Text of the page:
Equipping those who want to do more

Sept. 1, 2002
TO SOCCER MOMS (and dads), soccer at least in theory should be a relatively inexpensive game to play. Unlike football, there's no elaborate equipment

TO SOCCER MOMS (and dads), soccer at least in theory should be a relatively inexpensive game to play. Unlike football, there's no elaborate equipment to buy. Just a ball, a pair of shin guards, and a pair of shoes with a swoosh on the side.

But that's only if you want to “just do it.” If you are serious about playing the game, an entire industry is out there to help players do their best — and an endless schedule of tournaments to demonstrate those highly honed skills.

Today's snow and ice control industry is a lot like that. There's much more required to play the game now than just buying the basic equipment. For players who take snow and ice control seriously, a wide range of products are available to enable them to do the best possible job of keeping our streets and highways safe in the winter.

A recent exhibition in Chicago at the end of August spotlighted some of the advanced technologies on the market — including radar for measuring truck speed, lasers that measure road temperature as the truck is driven, and web sites that enable supervisors to close icy roads via the Internet from the comfort of their living rooms. Sponsored by Force America, the exhibition showed how all of these technologies work together to improve productivity, lower costs, and maximize road safety during icy weather.

In addition to demonstrations of snow and ice products, the exhibition also included seminars on key concepts related to the equipment. The story on liquid deicing (See Page 16) came about as a result of that event. Look for other stories on municipal bids and basic hydraulics in the months to come.

According to our annual survey of snow and ice equipment manufacturers, the outlook for this segment of the truck equipment industry looks promising — at least for the basic products that our survey tracks.

We received responses from most of the major manufacturers of snowplows, hopper spreaders, tailgate spreaders, combination dump bodies and spreaders, and underbody scrapers. Here's what they told us:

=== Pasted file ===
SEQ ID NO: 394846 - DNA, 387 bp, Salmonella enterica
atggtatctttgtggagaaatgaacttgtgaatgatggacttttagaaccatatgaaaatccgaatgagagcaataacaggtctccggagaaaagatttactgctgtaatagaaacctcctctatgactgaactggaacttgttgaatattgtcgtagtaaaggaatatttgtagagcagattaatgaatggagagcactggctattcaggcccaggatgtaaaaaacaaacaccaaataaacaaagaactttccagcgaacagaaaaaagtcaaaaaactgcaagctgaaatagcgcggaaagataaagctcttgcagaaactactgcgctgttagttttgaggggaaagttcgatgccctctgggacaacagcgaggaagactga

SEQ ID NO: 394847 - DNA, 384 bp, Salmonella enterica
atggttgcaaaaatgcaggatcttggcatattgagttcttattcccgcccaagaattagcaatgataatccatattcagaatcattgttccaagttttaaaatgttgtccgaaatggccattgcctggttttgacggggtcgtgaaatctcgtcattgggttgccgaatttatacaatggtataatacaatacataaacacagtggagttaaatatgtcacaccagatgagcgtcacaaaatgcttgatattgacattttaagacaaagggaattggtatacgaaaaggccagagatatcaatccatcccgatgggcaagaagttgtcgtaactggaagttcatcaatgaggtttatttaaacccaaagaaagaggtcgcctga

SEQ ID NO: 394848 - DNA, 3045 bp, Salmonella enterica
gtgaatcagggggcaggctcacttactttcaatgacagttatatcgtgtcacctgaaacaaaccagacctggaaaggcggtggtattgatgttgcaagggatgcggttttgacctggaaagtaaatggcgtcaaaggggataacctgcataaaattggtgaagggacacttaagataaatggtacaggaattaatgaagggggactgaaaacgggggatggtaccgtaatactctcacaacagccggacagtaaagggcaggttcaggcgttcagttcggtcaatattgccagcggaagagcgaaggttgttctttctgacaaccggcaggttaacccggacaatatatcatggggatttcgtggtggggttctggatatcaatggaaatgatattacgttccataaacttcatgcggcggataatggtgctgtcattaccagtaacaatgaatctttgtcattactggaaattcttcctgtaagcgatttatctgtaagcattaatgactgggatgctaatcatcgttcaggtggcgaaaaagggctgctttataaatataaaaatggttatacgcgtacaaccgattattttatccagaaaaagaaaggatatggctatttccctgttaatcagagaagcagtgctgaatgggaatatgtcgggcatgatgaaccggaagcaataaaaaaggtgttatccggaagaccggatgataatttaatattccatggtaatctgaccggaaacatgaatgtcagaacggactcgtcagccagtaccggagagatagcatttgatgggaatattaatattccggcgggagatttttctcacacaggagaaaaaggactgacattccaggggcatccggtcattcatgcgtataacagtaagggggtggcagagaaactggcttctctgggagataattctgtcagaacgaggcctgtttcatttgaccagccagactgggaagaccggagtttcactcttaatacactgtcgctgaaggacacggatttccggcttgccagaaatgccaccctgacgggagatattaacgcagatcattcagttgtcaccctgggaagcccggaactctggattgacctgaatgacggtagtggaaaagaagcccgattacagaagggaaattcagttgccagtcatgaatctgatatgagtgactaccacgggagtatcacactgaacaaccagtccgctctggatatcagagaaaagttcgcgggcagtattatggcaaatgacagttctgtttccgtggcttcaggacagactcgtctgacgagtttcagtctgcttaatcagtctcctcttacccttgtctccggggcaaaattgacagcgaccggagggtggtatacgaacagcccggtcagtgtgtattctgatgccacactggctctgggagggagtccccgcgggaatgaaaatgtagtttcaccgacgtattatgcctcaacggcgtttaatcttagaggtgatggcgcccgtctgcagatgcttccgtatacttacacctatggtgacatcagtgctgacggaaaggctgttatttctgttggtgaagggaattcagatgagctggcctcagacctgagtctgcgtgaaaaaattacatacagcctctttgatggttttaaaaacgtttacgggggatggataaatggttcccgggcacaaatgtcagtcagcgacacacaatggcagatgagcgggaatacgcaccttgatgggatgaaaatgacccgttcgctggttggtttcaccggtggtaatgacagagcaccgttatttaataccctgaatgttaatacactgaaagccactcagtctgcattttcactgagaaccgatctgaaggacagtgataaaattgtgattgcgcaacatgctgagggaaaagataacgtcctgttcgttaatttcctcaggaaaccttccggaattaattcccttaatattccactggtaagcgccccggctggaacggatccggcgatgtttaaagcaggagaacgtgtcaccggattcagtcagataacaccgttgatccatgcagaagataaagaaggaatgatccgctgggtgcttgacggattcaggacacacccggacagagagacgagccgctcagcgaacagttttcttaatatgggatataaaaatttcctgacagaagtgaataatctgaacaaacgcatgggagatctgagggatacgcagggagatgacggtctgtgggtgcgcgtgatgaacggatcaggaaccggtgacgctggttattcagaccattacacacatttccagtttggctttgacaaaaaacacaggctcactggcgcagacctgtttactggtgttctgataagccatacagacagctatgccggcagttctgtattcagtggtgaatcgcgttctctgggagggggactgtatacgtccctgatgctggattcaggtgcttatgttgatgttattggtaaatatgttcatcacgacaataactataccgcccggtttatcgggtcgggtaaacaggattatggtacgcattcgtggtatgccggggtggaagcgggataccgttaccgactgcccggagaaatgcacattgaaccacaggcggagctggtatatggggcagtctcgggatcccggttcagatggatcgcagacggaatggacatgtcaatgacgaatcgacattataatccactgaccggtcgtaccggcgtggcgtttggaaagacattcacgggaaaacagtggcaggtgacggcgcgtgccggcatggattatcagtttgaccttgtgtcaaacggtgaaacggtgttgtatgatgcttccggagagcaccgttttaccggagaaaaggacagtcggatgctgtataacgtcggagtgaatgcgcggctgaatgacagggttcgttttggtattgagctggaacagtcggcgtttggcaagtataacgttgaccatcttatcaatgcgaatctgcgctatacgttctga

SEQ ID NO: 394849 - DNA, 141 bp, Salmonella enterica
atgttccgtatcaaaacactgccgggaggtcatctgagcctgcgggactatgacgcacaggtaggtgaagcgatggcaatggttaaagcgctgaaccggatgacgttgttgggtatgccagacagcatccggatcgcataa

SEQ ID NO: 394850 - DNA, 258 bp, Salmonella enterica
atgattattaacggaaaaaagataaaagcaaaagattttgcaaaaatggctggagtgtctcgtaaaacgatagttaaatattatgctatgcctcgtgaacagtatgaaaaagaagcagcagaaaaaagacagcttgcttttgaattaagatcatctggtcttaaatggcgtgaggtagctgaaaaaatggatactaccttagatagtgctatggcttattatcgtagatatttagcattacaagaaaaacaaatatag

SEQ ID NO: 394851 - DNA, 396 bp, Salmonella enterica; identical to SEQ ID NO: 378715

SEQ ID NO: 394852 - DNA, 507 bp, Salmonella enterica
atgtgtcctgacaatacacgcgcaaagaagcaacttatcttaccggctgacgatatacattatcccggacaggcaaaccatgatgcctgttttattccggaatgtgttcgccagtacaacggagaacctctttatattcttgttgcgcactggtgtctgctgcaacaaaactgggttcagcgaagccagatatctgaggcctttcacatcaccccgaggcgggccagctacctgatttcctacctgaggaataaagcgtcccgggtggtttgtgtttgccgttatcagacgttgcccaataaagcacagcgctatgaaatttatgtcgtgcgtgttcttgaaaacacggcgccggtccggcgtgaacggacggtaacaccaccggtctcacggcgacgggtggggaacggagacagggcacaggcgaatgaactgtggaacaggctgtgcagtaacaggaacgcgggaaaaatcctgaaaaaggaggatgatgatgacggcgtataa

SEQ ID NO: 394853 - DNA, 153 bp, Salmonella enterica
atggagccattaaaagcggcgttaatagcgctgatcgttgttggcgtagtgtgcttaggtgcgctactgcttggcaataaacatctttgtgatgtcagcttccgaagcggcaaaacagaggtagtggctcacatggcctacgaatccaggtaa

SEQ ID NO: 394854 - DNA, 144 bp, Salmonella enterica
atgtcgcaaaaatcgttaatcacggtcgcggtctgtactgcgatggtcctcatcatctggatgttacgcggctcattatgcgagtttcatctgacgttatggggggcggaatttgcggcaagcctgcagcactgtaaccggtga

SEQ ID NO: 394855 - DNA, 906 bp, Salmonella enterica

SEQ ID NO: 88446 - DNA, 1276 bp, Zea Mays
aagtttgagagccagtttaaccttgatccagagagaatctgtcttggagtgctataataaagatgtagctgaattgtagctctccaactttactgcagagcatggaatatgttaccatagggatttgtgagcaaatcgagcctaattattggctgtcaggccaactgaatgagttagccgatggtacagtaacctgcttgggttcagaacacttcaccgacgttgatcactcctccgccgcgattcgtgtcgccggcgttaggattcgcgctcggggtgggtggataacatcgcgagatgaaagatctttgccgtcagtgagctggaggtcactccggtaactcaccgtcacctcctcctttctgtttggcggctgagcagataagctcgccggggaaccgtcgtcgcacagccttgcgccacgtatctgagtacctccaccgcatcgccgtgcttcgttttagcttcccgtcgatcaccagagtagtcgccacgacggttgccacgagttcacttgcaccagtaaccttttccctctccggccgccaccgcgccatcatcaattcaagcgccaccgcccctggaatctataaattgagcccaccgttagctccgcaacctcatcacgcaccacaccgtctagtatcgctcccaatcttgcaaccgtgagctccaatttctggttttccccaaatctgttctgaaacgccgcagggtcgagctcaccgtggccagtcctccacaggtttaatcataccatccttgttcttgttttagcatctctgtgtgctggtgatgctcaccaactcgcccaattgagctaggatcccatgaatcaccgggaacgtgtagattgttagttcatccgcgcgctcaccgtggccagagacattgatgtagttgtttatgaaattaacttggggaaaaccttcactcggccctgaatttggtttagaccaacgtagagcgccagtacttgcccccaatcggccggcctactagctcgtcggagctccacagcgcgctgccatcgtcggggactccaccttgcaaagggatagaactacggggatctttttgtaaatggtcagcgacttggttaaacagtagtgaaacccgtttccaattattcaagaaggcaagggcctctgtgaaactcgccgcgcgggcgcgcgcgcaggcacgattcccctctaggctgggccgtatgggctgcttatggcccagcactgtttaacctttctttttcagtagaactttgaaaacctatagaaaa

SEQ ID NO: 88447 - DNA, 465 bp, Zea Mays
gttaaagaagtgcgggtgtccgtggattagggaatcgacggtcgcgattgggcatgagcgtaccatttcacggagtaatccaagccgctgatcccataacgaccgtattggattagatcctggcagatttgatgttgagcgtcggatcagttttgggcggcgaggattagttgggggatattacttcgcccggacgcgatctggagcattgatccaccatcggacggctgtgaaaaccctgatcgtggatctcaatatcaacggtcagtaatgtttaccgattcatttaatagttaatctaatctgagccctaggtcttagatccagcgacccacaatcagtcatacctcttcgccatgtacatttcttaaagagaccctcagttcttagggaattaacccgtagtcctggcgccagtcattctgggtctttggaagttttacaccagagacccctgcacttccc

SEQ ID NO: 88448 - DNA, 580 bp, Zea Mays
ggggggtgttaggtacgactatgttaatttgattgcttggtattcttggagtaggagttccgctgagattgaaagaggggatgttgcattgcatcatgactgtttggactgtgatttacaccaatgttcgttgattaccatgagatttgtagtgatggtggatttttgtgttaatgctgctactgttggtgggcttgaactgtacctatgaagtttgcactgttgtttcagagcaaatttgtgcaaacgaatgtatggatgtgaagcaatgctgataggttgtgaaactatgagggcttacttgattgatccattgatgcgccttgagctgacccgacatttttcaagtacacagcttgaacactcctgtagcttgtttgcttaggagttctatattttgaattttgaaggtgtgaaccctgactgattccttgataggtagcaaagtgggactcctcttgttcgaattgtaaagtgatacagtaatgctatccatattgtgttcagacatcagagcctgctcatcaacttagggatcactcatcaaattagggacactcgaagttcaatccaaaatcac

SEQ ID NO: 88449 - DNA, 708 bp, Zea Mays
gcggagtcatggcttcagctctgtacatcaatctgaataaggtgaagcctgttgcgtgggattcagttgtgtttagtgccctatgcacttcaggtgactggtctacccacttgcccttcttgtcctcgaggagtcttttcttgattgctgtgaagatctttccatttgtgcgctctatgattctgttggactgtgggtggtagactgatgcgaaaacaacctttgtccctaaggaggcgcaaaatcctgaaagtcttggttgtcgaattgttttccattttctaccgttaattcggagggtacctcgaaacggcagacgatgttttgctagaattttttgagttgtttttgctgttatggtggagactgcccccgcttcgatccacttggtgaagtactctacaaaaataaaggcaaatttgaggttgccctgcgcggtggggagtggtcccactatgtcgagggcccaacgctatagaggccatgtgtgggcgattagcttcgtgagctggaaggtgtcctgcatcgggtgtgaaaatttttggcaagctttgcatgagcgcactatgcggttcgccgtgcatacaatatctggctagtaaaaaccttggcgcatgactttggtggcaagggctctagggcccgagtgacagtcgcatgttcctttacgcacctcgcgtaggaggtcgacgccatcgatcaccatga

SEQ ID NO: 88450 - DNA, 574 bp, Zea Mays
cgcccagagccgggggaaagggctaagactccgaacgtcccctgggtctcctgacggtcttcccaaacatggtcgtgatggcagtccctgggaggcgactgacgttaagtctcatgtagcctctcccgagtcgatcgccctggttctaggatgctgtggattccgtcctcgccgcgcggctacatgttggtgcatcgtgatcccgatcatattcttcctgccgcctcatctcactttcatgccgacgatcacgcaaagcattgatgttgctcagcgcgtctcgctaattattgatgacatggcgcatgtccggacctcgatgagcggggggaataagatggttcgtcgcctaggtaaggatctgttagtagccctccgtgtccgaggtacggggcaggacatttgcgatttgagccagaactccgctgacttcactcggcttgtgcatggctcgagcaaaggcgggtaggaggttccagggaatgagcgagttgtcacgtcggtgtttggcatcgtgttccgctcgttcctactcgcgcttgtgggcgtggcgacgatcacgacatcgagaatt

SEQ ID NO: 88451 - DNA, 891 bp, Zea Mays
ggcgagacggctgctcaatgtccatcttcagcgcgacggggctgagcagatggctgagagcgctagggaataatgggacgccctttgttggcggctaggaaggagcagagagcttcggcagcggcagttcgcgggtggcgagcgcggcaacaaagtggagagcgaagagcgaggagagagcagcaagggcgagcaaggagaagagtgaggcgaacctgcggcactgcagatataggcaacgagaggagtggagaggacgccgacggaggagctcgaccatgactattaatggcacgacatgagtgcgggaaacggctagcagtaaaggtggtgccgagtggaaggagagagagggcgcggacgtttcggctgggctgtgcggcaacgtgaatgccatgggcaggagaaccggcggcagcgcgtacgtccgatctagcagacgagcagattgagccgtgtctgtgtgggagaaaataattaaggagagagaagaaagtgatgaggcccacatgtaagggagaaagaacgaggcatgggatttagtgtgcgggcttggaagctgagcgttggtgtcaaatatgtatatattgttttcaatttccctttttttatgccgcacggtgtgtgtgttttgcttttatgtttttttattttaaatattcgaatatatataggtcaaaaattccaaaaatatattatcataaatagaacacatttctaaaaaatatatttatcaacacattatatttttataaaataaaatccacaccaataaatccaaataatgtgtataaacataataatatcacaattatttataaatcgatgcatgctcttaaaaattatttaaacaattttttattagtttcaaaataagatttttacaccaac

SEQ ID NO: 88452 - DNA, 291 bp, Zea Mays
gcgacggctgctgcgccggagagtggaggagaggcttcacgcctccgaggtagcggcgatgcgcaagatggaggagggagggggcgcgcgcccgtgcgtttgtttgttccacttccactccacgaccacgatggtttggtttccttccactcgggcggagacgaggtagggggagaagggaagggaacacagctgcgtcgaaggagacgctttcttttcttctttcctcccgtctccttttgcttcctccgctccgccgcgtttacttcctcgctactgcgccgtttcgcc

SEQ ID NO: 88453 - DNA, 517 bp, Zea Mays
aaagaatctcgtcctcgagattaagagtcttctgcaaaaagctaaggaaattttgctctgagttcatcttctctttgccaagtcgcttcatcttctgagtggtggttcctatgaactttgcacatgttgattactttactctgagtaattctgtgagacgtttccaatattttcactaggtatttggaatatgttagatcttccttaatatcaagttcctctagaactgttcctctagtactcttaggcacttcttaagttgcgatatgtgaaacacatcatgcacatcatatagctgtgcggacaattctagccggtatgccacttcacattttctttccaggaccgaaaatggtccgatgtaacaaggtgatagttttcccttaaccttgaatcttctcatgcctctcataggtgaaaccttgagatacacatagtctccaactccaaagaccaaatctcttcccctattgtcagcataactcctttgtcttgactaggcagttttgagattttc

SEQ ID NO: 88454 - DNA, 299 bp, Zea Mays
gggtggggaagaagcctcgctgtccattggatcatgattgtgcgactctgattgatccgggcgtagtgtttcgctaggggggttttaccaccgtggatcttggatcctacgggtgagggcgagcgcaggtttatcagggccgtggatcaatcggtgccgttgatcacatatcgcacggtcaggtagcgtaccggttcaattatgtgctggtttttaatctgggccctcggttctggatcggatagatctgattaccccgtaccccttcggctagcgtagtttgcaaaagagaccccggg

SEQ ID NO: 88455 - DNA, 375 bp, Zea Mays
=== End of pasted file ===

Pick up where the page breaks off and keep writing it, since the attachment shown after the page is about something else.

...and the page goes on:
Snowplows for light-duty trucks should post modest gains this year compared with the 2001-2002 season. We received input from eight manufacturers of these products. On average, they expect a 4% sales increase.

Snowplows for medium and heavy trucks should grow by 10%, according to the forecasts of nine manufacturers.

Manufacturers of hopper spreaders were the most bullish. The seven manufacturers on average are predicting a 21% sales increase for the 2002-2003 season.

Tailgate spreaders should increase approximately 16% this winter, according to the average forecast from five manufacturers of this product line. One spreader manufacturer explained the higher expectations (compared to snowplows) this way:

“Spreaders are becoming further apart from snowplows in their selling habits,” he said. “Spreaders have become more like a fire extinguisher — an emergency type of equipment. Even with light winters that do not require frequent plowings, there is always plenty of ice. In surveying end users, we find that for every time they plow, they salt seven to nine times.”

Combination bodies — those that combine dump body and spreader applications — are expected to be virtually unchanged from last year's levels. We had seven of these manufacturers contribute their sales forecasts this year, resulting in an expected nudge of 1% when compared with last year.

Underbody scrapers are another product line that manufacturers anticipate will remain near last winter's sales. The three manufacturers on average expect sales of their product to edge up 2% from a year ago.

Although the average forecast for all of these products was in positive territory, manufacturers pointed to some market factors that tempered their enthusiasm. The most universally cited drag on the market last year was the lack of snow. Several manufacturers pointed out, however, that a good snowfall early in the season would work wonders for demand.

“I think consumer confidence has to pick up significantly before we have a chance at record sales,” one snowplow manufacturer told us. “With a mild winter last season, sales will probably start slow. But if we see an early snowstorm — which is predicted — sales could be good the fourth quarter.”

This issue of Trailer/Body Builders contains a showcase of products for those who have to do more than “just do it.” The equipment is there. Now it's up to Mother Nature to provide the playing field where contractors and municipalities will demonstrate just how well they can play the game.

About the Author

Bruce Sauer | Editor

Bruce Sauer has been writing about the truck trailer, truck body and truck equipment industries since joining Trailer/Body Builders as an associate editor in 1974. During his career at Trailer/Body Builders, he has served as the magazine's managing editor and executive editor before being named editor of the magazine in 1999. He holds a Bachelor of Journalism degree from the University of Texas at Austin.